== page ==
Wil Wheaton on Depression

Depression is a dick, and Depression lies, and even though I know all of that with the rational and reasonable part of my brain, the Depression part of my brain has been really loud and persistent and just relentless for a couple of weeks, now. It’s Friday, and when I look back on this week, I can see all the important and good stuff that I’ve done, I can see the small but meaningful steps I’ve taken toward completing things that are important to me … but those things are all in the shadows that are cast by the giant spotlight Depression is shining on the things I didn’t do.

And the thing is, I could probably come up with good reasons that I didn’t do the things that I wanted to do, and they are probably reasonable reasons, too. But I also know that all week long, Depression was right there on my shoulder like the leprechaun that tells Ralph to burn it all down, and quietly telling me that there’s no point, there’s no reason to do it, it’s not worth my time.

And now it’s Friday, and Depression is telling me that I’m a failure because I didn’t finish the things that Depression helped ensure I didn’t start.

That’s the insidious part of Depression, at least for me, and I know that to a person who doesn’t struggle with mental illness like I do it just sounds like a pity party where all the gifts are excuses.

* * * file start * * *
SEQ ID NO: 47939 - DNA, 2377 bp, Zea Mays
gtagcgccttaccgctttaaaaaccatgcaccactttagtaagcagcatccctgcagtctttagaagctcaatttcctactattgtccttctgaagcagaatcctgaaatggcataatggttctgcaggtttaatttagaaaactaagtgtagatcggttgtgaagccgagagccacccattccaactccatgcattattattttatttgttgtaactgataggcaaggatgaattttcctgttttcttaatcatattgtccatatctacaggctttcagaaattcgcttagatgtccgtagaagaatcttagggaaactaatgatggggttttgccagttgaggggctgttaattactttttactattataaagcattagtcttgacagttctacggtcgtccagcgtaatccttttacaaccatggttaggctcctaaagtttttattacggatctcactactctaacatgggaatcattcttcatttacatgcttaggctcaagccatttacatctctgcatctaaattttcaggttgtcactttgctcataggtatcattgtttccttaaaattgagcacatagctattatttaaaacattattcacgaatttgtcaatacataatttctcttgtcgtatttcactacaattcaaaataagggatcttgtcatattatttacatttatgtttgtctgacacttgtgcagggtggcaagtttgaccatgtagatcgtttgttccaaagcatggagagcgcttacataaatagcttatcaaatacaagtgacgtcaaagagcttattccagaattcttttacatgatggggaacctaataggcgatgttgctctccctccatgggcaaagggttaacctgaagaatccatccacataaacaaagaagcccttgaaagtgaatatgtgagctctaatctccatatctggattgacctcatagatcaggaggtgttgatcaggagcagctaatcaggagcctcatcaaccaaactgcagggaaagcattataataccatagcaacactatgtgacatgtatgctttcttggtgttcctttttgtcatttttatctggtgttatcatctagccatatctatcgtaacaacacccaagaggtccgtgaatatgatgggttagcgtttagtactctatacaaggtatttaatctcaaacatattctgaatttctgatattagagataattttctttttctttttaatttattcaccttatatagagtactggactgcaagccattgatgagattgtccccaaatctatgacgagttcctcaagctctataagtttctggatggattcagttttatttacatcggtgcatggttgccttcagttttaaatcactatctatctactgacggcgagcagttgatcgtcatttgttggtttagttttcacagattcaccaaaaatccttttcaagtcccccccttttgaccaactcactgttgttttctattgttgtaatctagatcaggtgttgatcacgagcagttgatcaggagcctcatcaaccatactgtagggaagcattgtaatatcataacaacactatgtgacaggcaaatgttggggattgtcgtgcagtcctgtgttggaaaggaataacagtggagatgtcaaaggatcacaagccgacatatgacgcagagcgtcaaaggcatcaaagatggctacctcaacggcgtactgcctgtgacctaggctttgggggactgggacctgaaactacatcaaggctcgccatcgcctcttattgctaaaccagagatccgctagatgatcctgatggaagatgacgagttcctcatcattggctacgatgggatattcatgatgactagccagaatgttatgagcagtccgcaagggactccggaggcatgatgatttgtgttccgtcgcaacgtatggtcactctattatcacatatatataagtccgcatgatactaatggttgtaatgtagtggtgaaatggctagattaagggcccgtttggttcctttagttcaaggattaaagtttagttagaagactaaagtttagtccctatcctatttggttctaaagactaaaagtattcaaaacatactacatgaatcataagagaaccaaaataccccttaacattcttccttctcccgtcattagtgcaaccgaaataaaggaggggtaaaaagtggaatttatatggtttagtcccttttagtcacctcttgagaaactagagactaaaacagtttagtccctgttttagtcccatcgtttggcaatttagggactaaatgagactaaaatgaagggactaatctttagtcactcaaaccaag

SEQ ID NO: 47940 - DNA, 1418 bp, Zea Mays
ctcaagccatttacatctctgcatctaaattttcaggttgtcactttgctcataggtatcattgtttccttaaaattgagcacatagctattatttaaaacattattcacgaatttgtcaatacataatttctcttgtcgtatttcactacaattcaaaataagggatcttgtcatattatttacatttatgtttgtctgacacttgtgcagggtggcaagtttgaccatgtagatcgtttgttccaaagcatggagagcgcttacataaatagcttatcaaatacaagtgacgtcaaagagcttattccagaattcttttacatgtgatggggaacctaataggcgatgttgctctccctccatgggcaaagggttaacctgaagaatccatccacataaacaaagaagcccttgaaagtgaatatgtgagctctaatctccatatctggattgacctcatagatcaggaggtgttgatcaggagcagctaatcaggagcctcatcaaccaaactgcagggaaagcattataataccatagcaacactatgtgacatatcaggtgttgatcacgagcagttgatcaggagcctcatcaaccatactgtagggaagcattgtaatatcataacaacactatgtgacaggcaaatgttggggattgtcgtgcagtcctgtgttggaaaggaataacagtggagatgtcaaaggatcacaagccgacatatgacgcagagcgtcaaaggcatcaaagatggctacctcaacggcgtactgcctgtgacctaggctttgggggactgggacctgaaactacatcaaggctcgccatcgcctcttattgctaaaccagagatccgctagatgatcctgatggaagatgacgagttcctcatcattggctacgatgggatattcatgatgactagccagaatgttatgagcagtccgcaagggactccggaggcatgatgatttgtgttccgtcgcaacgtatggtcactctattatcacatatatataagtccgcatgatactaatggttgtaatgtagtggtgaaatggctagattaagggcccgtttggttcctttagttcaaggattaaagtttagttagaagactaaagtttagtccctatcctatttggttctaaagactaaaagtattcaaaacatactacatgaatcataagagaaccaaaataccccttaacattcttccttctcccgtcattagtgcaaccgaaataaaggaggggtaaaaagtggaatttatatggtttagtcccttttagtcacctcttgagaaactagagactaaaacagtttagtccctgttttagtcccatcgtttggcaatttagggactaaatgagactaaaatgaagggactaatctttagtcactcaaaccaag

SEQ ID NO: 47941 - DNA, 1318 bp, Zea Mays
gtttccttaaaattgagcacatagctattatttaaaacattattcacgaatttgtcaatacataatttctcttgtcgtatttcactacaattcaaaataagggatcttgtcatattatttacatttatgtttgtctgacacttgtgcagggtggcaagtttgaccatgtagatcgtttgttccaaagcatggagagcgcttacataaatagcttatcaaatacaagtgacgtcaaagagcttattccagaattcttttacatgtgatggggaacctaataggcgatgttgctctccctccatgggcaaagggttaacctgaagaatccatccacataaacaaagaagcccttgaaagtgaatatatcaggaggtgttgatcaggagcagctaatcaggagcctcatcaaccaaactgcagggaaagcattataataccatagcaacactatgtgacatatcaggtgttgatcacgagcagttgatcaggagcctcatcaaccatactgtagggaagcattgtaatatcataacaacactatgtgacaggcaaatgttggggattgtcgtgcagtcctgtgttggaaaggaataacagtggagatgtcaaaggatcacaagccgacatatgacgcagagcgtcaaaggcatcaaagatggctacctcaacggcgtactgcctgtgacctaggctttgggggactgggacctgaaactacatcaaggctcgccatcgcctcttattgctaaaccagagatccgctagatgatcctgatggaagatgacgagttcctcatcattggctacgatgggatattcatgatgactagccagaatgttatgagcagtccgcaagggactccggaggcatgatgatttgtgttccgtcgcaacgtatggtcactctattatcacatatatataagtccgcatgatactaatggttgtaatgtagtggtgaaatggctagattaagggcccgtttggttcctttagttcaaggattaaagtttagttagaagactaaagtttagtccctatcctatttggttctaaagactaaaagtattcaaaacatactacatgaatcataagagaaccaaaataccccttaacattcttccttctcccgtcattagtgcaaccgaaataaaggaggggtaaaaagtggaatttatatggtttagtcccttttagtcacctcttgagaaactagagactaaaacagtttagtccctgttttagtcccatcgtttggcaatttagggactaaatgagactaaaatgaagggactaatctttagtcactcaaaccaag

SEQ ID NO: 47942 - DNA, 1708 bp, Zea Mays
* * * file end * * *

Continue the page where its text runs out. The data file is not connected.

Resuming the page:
But here I am. On Friday. No closer to finishing the things I wanted to finish than I was on Monday.
Wil Wheaton, so distorted and thin

(I’ve posted a few prior quotes/links to Wil’s depression posts, partly because they’re well written, but mostly because it’s so spot on for how my own depression manifests itself.)

Elizabeth Bear on Committing

Here is thing I learned when I was 29, which I now give away for free:

If you want to do a thing, do it now, or as soon as feasible. Because there might not be a later.

[…]

But to succeed at a thing–a job, a relationship–in the long term, the thing is: You Must Commit, even though commitment is scary. And commitment is scary because once you’re in you’re in. It’s not bobbing around close to the shore, paddling with your feet. It’s both feet and swimming as hard as you can out where the rip currents and the sharks are, where the water turns blue.
Elizabeth Bear, everybody’s scared of things that they don’t understand and all the living they don’t do.

Being Who You Are